Why It's Important To Reevaluate Your Beauty Routine, From A Derm

mbg Beauty Director By Alexandra Engler
mbg Beauty Director
Alexandra Engler is the Beauty Director. Previously she worked at Harper's Bazaar, Marie Claire, SELF, and Cosmopolitan; her byline has appeared in Esquire, Sports Illustrated, and Allure.com.
Woman wiping her face during a waterless beauty routine

The New Year is often a time for introspection—when we evaluate what works for us, what doesn't, and what we can do to improve our well-being. This, of course, can be implemented in many areas of our day-to-day: in our fitness goals, mental health, creative endeavors, spiritual needs, you name it. 

It can also be a time to evaluate your skin care routine. Here at mbg beauty, we are firm believers that you should cultivate a routine that serves you—without overdoing it. (We hold the less-is-more mentality.) We also believe that every ingredient used in your products should be serving a greater purpose and never doing harm to your skin, meaning we think skin care formulas should be minimal and yet highly effective. 

And if you've never stopped to think about your skin care routine, and the individual formulations in it, perhaps now's the time to start. Take it from one of our trusted sources, board-certified dermatologist Raechele Cochran Gathers, M.D.

Let this serve as inspiration: Time to take a peek at your beauty routine. 

"It's important to really look at your beauty routine: Is it clean? Are the products that you're putting on your skin and in your hair potentially harmful? Are your products adding to your overall health? During this time, more than ever, if part of your beauty routine is potentially irritating, or packed with ingredients that aren't really adding to your well-being, you may want to re-evaluate them," says Cochran Gathers. "For my skin and hair products, this also means focusing on ingredients that detox and help ward off stressors—antioxidant serums and products that contain ingredients that help fight inflammation, like vitamin C and niacinamide. It means using products with ingredients that I can recognize. It means avoiding irritants whenever I can."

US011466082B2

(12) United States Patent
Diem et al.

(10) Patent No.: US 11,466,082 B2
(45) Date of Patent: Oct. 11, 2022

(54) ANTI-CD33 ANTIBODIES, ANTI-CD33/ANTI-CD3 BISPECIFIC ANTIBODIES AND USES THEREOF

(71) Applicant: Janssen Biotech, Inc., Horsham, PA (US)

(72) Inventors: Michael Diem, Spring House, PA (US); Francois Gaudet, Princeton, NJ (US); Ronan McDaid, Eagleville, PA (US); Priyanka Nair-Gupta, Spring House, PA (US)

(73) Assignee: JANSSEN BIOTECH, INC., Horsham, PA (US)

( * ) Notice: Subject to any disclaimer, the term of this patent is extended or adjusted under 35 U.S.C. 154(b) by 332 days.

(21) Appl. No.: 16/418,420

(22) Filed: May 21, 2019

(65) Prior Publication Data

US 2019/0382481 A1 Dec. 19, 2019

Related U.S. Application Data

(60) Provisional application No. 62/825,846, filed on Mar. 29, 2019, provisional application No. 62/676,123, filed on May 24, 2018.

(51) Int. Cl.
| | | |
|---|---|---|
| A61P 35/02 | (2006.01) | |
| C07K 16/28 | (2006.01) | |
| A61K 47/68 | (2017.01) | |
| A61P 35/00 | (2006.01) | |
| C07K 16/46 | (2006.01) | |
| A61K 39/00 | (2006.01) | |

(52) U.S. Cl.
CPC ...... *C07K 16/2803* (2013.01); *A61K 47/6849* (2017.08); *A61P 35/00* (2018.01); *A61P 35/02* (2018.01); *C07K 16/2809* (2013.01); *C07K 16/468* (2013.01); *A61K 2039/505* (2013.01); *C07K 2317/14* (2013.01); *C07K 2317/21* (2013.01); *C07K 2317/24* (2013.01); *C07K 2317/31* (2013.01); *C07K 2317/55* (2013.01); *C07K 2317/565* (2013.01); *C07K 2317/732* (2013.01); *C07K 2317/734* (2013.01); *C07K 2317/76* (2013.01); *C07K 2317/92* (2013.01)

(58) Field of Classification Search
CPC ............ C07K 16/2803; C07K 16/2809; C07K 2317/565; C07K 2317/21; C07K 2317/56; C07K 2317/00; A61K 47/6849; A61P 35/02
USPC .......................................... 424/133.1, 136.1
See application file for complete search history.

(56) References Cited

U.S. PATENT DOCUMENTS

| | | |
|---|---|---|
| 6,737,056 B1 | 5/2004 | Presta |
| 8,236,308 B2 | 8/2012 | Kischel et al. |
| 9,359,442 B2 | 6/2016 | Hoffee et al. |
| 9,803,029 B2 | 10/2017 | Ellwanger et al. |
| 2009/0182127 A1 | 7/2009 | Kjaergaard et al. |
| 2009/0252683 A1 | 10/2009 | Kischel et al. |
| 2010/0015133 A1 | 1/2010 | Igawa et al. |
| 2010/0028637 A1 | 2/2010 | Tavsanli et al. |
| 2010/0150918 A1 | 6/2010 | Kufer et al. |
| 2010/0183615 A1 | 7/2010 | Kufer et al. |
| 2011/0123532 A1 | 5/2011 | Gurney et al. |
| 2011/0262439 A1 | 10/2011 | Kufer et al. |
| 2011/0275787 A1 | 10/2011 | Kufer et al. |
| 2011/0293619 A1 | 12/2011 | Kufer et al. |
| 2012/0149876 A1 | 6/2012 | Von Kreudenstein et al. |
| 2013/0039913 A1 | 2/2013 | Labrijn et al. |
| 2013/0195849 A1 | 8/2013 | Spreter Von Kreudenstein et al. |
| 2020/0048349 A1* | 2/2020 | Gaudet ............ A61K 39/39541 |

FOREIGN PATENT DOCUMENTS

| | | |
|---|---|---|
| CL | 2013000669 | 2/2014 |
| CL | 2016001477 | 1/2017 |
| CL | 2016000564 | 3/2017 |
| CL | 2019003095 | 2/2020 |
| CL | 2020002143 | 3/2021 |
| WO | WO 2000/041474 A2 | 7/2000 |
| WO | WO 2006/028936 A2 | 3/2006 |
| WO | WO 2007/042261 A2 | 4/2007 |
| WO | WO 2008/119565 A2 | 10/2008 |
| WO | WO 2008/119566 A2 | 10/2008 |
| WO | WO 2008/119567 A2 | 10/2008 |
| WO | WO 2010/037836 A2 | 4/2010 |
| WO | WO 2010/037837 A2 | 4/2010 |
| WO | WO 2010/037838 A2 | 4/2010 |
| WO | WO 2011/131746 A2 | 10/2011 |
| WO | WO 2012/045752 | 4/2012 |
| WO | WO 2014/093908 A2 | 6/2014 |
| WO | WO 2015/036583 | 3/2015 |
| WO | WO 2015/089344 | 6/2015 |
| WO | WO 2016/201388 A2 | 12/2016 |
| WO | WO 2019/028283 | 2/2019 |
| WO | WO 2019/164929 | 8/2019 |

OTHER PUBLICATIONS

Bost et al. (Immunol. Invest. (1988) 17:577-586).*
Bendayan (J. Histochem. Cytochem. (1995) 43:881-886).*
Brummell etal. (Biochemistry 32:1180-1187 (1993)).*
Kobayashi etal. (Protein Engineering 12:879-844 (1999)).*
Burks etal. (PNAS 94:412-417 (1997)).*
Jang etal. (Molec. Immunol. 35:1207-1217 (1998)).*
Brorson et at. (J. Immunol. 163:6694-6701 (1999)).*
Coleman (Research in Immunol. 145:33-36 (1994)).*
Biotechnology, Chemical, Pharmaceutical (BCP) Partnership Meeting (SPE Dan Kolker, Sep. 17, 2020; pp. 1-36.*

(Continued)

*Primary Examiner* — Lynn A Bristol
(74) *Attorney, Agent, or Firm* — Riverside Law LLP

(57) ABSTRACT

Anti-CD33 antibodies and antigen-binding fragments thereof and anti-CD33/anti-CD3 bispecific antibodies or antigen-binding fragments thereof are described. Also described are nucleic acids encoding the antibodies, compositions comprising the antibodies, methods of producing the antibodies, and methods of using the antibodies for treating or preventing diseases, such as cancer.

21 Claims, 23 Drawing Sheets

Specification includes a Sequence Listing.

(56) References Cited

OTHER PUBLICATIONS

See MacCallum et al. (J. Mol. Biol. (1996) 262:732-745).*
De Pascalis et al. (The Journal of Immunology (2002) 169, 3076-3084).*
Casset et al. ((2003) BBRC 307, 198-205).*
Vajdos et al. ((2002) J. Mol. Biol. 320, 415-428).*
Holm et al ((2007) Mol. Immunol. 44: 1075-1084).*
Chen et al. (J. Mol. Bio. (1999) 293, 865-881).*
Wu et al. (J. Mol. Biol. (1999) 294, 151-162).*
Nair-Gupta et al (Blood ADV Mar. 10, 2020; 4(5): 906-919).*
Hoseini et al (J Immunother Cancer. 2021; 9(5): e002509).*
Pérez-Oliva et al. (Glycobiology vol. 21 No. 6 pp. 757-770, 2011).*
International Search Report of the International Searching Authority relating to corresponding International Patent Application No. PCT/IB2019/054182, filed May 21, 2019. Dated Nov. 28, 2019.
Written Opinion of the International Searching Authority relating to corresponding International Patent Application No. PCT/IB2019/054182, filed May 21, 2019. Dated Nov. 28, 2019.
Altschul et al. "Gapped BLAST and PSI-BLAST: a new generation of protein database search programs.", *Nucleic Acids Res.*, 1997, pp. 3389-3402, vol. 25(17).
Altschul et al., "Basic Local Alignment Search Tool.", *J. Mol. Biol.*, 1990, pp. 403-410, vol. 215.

And, no, this doesn't mean you need to toss your entire beauty routine and start from scratch—in fact, in the name of not being wasteful, we encourage you not to. But you can absolutely take inventory of your current lineup, noting which products are worth a repurchase, which ones no longer need to be in your regular rotation, and which items you'd still like to include but should look for cleaner or more natural alternatives. Once you have taken stock, you'll be better equipped next time you happen to find yourself scanning the Sephora or Credo websites.

And no one is going to be able to tell you what you shouldn't prioritize and what you should: That requires you to think about your unique skin's needs, what level of clean and natural you are comfortable with, and what sort of routine fits into your daily lifestyle. But what we are saying is you can't take proactive steps toward building a better skin care regimen until you're mindful of what should and shouldn't be included. 

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The takeaway. 

It's so easy to keep on repurchasing products we've used in the past. And oftentimes, that's a good thing! Why change what works for us, no? But sometimes, it also keeps us trapped in a revolving door of products that aren't actually serving their purpose. Or we find ourselves impulse-purchasing items we ultimately don't need, and will eventually disregard, without finishing. 

We don't have to be on this beauty merry-go-round, however: All it takes is some critical thinking about your products. 

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